A chronicle of Parsi theatre’s heyday
For Parsis growing up between the 1950s and 1980s, social life was defined by weekly visits to the theatre, to watch, re-watch and enjoy Parsi plays. Aarefa Johari reports.mumbai Updated: Sep 15, 2011 01:41 IST
For Parsis growing up between the 1950s and 1980s, social life was defined by weekly visits to the theatre, to watch, re-watch and enjoy Parsi plays.
Directors like Adi Marzban and Pheroze Antia wrote original comedies about ordinary Parsis, actors enlivened the stage in traditional saris and community topis or dapper suits, and audiences — including many Gujaratis — demanded encores after laughing through plays nearly six hours long.
Parsi plays today have not been able to recreate that vibrant culture, but city-based author Meher Marfatia does it successfully in her new, self-published book, ‘Laughter in the House: 20th Century Parsi Theatre’.
The book, which was launched last month, chronicles the heyday of this unique dramatic genre through well-researched essays, interviews with former actors, first-person accounts and hundreds of black-and-white photographs of old plays.
Although Marfatia’s prose rings of nostalgia for an era that may never return, her aim, she says, was to record that age clinically, acting as a historian.
“There are international accounts of Parsi theatre up to the 1930s, but after that the genre has just not been documented,” said Marfatia. She spent more than two years researching for the book, uncovering facts and anecdotes about Parsi theatre that few youngsters in the community would know today.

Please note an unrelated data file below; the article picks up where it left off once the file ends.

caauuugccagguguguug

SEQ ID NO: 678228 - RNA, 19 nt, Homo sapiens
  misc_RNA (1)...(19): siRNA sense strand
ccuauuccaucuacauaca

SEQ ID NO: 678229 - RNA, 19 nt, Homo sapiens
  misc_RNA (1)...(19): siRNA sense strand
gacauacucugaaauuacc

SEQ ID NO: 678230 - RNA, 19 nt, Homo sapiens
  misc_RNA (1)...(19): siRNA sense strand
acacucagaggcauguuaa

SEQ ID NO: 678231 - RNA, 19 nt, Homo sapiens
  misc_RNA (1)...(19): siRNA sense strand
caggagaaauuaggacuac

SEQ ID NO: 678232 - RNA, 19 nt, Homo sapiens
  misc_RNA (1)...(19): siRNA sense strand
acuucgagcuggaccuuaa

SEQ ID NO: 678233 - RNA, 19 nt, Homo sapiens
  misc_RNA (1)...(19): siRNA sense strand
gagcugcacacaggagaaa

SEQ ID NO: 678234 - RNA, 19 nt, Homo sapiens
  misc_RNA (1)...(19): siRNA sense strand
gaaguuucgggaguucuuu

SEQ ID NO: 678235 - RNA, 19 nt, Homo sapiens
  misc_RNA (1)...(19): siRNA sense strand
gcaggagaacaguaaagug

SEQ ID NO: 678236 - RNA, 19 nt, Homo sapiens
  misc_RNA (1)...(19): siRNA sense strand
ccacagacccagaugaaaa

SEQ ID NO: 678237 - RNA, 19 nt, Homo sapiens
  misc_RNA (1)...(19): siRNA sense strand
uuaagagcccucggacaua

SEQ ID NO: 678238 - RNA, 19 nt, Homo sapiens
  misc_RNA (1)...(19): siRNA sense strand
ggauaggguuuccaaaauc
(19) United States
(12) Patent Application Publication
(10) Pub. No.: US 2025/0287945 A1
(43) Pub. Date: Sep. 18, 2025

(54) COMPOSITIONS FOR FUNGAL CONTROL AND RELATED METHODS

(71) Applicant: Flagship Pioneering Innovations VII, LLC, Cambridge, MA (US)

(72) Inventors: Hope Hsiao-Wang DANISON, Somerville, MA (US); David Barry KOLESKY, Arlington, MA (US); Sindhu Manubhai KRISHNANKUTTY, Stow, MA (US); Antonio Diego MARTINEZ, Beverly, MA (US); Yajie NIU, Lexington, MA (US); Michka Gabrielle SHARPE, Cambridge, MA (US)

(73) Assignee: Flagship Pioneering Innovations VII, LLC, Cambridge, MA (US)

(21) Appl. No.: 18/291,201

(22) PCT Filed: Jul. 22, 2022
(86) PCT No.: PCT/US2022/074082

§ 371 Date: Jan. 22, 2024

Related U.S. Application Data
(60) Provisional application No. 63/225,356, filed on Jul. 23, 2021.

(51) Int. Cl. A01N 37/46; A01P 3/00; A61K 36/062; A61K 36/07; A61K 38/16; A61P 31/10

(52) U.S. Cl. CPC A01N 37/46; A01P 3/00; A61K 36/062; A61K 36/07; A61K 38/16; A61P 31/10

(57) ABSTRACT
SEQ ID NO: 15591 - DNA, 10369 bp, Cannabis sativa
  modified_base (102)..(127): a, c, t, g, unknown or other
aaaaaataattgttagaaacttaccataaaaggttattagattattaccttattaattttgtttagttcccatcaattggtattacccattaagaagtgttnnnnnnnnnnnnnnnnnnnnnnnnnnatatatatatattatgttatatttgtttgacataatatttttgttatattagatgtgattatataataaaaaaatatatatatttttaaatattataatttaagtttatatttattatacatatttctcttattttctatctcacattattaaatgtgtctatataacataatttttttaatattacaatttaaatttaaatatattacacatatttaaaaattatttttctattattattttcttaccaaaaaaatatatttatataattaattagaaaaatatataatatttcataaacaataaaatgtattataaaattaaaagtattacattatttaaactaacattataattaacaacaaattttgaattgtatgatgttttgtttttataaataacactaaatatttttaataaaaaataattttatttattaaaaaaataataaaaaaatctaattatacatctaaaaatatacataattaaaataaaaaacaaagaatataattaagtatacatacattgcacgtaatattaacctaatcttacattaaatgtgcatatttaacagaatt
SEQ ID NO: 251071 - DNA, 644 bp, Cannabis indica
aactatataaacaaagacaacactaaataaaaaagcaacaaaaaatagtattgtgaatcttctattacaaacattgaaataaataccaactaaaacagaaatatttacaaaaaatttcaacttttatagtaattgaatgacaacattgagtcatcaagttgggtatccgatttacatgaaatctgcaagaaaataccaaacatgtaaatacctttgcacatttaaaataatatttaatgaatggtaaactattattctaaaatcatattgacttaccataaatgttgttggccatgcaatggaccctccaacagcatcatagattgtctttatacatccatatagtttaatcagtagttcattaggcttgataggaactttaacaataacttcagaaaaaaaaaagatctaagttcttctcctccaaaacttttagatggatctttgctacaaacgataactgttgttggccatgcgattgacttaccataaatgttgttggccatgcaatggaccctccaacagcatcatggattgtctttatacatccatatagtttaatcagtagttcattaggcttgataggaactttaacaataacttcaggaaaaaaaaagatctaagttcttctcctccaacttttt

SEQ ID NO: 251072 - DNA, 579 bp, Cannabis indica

That genre of Gujarati drama, for instance, had grown so popular in the 1950s, that Indian National Theatre — the country’s foremost theatre organisation — opened a separate wing for Parsi theatre. Moreover, the plays, particularly those by Adi Marzban, became so popular for their rib-tickling humour that Marzban’s attempts at serious plays almost always failed.
As old thespian stalwarts passed away, there was a visible change in the culture of Parsi playwriting, acting and even theatre-going. Today there are just a handful of Parsi directors, most of whom release plays only once a year, usually around New Year; the crowds in their halls have thinned too.
“The younger generation does not have the passion or dedication for that genre,” said Marfatia. “I have dedicated my book to the Parsi community,” she says. “Through those plays, we learnt to laugh at ourselves.”